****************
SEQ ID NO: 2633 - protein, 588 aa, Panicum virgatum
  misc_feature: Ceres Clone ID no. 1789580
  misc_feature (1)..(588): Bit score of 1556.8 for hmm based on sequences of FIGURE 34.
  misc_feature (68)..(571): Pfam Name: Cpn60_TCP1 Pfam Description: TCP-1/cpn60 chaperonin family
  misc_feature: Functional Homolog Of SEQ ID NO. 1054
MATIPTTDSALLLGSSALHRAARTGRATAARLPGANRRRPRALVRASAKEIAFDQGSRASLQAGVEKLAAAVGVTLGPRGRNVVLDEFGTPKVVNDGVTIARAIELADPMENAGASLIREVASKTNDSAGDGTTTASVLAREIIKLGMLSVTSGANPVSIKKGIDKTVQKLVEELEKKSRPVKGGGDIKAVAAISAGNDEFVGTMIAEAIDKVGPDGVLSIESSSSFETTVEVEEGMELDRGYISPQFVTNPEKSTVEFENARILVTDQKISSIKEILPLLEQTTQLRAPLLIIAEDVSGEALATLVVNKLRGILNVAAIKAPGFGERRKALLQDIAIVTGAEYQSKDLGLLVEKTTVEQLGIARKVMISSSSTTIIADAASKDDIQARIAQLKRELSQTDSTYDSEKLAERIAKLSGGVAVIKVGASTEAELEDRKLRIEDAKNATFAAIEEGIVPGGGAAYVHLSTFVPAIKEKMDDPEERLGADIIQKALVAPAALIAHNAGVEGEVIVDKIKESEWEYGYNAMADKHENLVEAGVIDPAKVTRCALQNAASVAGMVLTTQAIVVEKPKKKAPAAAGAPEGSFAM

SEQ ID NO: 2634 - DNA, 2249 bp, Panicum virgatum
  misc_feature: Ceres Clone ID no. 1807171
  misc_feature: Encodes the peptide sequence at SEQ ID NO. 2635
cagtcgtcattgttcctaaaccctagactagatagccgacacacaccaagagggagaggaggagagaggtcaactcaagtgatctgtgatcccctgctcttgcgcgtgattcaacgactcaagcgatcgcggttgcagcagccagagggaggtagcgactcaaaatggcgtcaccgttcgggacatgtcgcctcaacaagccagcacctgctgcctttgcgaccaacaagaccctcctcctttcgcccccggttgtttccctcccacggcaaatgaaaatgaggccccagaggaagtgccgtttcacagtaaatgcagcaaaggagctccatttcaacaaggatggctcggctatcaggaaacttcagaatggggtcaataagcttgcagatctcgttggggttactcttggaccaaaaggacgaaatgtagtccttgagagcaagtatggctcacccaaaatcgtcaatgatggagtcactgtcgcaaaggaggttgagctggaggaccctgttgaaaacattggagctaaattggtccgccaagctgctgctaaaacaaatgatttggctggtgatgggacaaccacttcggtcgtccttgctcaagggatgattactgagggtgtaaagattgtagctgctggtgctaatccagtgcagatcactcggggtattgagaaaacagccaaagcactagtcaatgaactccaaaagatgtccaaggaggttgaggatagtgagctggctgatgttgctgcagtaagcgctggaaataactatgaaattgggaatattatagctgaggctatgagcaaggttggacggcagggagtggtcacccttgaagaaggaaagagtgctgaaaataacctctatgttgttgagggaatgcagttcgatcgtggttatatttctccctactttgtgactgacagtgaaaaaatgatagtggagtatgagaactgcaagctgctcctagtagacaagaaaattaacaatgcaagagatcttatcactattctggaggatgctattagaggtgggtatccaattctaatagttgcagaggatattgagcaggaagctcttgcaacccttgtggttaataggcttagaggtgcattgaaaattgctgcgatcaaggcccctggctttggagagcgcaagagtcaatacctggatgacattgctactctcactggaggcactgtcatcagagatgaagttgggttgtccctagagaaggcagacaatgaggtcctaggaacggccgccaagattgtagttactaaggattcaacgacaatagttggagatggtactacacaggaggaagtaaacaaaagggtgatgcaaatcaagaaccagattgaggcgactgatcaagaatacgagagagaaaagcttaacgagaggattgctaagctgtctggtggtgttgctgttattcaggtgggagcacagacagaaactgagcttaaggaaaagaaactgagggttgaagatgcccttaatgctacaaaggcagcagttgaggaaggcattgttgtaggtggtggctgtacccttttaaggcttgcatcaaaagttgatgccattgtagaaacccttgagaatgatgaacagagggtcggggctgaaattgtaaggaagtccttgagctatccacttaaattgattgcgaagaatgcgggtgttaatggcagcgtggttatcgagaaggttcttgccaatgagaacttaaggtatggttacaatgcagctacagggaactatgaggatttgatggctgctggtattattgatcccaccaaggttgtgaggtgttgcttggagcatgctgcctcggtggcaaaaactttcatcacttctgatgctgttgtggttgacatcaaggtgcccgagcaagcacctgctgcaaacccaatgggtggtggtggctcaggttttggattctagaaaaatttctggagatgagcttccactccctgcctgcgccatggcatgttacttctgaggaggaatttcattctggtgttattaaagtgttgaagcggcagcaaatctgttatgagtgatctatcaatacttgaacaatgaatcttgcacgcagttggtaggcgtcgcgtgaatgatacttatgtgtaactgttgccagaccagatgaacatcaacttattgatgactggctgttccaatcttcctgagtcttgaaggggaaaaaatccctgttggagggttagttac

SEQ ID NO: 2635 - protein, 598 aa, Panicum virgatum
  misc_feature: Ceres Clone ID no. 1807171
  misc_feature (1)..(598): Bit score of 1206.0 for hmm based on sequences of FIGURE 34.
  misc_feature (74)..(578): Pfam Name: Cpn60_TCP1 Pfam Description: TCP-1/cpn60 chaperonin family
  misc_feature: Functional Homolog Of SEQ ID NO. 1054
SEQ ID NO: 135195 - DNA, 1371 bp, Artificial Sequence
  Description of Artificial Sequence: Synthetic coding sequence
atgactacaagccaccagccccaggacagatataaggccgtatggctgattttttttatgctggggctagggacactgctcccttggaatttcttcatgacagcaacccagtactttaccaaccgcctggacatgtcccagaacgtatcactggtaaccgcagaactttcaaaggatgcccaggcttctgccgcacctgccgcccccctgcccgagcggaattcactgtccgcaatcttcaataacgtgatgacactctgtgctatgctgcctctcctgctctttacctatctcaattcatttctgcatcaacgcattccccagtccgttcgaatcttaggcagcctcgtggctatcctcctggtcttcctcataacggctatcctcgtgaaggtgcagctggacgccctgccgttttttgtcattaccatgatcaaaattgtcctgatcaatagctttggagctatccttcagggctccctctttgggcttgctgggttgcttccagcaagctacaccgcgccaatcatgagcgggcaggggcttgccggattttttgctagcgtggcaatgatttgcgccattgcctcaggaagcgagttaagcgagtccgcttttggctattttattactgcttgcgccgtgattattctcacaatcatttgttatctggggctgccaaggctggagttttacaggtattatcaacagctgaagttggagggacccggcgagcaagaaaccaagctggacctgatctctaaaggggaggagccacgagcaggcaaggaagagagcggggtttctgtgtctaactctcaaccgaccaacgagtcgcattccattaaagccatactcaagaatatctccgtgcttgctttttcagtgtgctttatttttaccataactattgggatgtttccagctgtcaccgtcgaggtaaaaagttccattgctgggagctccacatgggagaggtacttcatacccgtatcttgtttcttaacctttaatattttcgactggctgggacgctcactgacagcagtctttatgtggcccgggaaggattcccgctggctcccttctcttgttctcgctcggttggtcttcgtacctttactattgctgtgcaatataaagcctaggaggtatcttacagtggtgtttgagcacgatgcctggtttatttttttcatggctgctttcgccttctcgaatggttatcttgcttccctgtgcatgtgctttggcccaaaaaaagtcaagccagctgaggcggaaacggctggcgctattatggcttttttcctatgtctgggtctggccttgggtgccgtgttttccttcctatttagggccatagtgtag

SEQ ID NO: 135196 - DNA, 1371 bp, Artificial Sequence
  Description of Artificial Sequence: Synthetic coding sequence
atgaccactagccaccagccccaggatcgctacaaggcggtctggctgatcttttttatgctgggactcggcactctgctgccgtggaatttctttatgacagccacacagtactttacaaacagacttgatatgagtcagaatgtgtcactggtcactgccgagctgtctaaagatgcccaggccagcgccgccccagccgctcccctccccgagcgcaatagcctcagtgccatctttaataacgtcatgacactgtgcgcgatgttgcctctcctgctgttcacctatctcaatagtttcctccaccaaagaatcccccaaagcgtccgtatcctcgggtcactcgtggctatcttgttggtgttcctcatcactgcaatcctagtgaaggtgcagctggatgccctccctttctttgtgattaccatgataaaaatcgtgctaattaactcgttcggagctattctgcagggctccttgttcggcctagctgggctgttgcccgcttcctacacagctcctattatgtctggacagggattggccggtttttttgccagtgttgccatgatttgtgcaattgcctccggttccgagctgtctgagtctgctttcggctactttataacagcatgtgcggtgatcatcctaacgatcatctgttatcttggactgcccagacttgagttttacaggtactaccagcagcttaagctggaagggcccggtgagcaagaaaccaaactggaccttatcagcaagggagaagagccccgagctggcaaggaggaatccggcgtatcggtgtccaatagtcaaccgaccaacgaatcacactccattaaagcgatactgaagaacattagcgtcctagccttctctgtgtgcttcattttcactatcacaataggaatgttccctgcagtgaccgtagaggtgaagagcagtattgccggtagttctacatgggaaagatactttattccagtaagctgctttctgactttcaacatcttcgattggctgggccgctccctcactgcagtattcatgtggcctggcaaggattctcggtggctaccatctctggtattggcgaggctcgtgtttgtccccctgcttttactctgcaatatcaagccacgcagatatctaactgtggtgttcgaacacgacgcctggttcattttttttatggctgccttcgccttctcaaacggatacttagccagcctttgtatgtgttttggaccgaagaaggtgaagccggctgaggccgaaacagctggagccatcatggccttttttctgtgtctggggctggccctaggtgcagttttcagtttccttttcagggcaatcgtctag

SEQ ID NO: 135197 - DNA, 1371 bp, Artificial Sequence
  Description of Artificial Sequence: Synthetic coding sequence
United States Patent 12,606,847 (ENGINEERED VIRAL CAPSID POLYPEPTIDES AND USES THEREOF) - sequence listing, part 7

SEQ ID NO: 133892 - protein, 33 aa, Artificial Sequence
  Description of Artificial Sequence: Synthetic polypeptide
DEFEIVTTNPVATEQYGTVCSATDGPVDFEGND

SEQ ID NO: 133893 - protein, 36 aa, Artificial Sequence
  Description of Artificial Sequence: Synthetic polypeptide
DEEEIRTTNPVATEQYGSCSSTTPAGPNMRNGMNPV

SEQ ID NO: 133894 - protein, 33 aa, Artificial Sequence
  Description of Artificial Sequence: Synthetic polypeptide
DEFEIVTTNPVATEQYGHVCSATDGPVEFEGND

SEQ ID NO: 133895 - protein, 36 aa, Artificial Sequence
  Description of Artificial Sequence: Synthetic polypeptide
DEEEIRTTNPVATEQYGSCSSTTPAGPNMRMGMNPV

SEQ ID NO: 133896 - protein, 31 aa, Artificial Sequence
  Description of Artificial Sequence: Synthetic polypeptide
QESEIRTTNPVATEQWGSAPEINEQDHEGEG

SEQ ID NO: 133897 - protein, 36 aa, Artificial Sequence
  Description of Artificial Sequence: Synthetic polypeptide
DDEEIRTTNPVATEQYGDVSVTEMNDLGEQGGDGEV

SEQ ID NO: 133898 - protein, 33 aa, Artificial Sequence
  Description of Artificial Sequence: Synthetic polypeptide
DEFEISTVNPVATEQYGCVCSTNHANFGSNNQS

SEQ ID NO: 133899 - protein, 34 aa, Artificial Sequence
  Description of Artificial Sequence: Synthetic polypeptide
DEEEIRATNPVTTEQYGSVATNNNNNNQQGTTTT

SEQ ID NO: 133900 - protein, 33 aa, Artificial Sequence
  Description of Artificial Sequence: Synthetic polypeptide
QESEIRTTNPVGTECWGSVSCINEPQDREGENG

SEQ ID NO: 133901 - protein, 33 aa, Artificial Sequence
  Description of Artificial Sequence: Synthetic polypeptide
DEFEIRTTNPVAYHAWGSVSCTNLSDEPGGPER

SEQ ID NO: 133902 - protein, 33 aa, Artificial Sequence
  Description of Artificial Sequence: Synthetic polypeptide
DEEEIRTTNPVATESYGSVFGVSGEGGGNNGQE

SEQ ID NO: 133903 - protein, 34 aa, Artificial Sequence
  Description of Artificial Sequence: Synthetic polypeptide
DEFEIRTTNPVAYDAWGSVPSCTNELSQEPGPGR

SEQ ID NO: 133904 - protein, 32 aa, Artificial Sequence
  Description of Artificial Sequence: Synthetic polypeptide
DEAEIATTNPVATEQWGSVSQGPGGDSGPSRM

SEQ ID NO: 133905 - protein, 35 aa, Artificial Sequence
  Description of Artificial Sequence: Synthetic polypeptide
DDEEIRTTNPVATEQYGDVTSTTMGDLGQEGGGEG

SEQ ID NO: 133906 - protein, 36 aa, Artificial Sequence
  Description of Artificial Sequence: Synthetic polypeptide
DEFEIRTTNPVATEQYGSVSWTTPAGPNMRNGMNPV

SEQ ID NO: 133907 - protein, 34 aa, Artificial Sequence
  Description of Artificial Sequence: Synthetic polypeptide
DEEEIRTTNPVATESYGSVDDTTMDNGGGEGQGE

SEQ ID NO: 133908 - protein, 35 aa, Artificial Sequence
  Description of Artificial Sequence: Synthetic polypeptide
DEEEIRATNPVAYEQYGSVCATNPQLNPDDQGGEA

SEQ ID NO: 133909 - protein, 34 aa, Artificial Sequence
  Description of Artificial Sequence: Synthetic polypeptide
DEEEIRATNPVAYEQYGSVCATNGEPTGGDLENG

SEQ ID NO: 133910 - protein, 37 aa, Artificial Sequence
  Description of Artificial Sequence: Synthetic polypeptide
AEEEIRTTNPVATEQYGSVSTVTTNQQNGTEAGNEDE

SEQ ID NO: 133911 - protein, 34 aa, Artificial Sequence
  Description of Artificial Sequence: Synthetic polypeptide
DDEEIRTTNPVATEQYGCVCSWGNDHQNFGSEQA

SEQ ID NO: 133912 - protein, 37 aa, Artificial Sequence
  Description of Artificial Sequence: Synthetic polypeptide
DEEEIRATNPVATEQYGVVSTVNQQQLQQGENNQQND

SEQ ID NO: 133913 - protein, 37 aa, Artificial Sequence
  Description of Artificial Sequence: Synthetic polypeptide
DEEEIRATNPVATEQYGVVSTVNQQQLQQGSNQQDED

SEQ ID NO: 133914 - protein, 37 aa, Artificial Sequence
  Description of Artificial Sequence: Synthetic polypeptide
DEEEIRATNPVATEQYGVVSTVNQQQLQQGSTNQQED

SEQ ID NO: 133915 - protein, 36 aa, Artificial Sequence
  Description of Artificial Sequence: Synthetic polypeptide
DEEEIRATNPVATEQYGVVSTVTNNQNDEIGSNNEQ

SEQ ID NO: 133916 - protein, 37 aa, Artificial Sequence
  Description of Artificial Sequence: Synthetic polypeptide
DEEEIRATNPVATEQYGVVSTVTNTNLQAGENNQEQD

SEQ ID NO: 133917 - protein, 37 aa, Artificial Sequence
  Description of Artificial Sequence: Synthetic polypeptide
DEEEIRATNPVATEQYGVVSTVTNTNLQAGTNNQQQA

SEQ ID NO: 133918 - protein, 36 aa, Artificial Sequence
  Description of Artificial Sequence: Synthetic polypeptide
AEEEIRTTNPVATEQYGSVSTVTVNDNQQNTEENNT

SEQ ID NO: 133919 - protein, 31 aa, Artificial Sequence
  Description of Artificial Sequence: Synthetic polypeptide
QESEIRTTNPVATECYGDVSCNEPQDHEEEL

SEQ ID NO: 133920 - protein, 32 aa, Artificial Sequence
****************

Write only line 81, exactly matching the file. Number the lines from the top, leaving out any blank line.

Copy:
AEEEIRTTNPVATEQYGSVSTVTTNQQNGTEAGNEDE